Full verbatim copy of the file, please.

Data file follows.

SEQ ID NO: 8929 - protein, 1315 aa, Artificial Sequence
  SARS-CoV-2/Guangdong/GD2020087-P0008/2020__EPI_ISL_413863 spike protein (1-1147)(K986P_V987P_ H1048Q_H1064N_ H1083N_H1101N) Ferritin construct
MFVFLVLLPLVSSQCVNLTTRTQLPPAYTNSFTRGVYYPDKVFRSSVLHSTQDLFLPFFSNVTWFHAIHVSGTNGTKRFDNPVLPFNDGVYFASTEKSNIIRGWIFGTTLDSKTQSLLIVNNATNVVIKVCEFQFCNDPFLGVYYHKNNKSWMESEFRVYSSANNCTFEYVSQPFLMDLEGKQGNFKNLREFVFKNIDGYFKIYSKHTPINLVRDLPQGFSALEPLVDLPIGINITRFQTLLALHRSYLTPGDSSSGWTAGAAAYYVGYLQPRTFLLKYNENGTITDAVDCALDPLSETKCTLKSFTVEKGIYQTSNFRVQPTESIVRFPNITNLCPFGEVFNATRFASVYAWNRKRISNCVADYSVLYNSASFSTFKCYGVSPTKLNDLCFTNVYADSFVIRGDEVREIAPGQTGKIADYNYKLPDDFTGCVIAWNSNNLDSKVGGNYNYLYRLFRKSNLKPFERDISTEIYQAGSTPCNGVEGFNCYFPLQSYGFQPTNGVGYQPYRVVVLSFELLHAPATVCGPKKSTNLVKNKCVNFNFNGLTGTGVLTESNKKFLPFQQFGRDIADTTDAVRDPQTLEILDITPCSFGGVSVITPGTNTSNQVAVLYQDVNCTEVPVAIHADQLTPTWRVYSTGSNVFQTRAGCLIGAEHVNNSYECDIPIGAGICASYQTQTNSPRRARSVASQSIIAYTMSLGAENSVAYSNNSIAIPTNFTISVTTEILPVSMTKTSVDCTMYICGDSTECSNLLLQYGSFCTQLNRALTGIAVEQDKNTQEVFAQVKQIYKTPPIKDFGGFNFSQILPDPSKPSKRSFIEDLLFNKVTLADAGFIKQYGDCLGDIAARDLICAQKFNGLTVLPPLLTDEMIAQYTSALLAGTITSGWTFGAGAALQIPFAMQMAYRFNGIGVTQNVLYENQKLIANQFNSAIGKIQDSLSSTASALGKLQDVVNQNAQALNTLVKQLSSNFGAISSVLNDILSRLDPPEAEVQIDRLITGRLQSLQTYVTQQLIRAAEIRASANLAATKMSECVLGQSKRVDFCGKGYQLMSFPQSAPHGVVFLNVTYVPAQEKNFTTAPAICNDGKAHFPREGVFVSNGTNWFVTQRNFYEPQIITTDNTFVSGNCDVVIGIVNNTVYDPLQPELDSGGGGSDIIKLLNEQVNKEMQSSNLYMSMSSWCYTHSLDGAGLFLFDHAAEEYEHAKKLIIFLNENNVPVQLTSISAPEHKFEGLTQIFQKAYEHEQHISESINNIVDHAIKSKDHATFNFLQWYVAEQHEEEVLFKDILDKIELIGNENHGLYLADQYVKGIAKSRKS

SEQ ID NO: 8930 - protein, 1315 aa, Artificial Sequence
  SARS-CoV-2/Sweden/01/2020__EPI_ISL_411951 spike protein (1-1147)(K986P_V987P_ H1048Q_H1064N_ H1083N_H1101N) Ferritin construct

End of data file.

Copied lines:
SEQ ID NO: 8929 - protein, 1315 aa, Artificial Sequence
  SARS-CoV-2/Guangdong/GD2020087-P0008/2020__EPI_ISL_413863 spike protein (1-1147)(K986P_V987P_ H1048Q_H1064N_ H1083N_H1101N) Ferritin construct
MFVFLVLLPLVSSQCVNLTTRTQLPPAYTNSFTRGVYYPDKVFRSSVLHSTQDLFLPFFSNVTWFHAIHVSGTNGTKRFDNPVLPFNDGVYFASTEKSNIIRGWIFGTTLDSKTQSLLIVNNATNVVIKVCEFQFCNDPFLGVYYHKNNKSWMESEFRVYSSANNCTFEYVSQPFLMDLEGKQGNFKNLREFVFKNIDGYFKIYSKHTPINLVRDLPQGFSALEPLVDLPIGINITRFQTLLALHRSYLTPGDSSSGWTAGAAAYYVGYLQPRTFLLKYNENGTITDAVDCALDPLSETKCTLKSFTVEKGIYQTSNFRVQPTESIVRFPNITNLCPFGEVFNATRFASVYAWNRKRISNCVADYSVLYNSASFSTFKCYGVSPTKLNDLCFTNVYADSFVIRGDEVREIAPGQTGKIADYNYKLPDDFTGCVIAWNSNNLDSKVGGNYNYLYRLFRKSNLKPFERDISTEIYQAGSTPCNGVEGFNCYFPLQSYGFQPTNGVGYQPYRVVVLSFELLHAPATVCGPKKSTNLVKNKCVNFNFNGLTGTGVLTESNKKFLPFQQFGRDIADTTDAVRDPQTLEILDITPCSFGGVSVITPGTNTSNQVAVLYQDVNCTEVPVAIHADQLTPTWRVYSTGSNVFQTRAGCLIGAEHVNNSYECDIPIGAGICASYQTQTNSPRRARSVASQSIIAYTMSLGAENSVAYSNNSIAIPTNFTISVTTEILPVSMTKTSVDCTMYICGDSTECSNLLLQYGSFCTQLNRALTGIAVEQDKNTQEVFAQVKQIYKTPPIKDFGGFNFSQILPDPSKPSKRSFIEDLLFNKVTLADAGFIKQYGDCLGDIAARDLICAQKFNGLTVLPPLLTDEMIAQYTSALLAGTITSGWTFGAGAALQIPFAMQMAYRFNGIGVTQNVLYENQKLIANQFNSAIGKIQDSLSSTASALGKLQDVVNQNAQALNTLVKQLSSNFGAISSVLNDILSRLDPPEAEVQIDRLITGRLQSLQTYVTQQLIRAAEIRASANLAATKMSECVLGQSKRVDFCGKGYQLMSFPQSAPHGVVFLNVTYVPAQEKNFTTAPAICNDGKAHFPREGVFVSNGTNWFVTQRNFYEPQIITTDNTFVSGNCDVVIGIVNNTVYDPLQPELDSGGGGSDIIKLLNEQVNKEMQSSNLYMSMSSWCYTHSLDGAGLFLFDHAAEEYEHAKKLIIFLNENNVPVQLTSISAPEHKFEGLTQIFQKAYEHEQHISESINNIVDHAIKSKDHATFNFLQWYVAEQHEEEVLFKDILDKIELIGNENHGLYLADQYVKGIAKSRKS

SEQ ID NO: 8930 - protein, 1315 aa, Artificial Sequence
  SARS-CoV-2/Sweden/01/2020__EPI_ISL_411951 spike protein (1-1147)(K986P_V987P_ H1048Q_H1064N_ H1083N_H1101N) Ferritin construct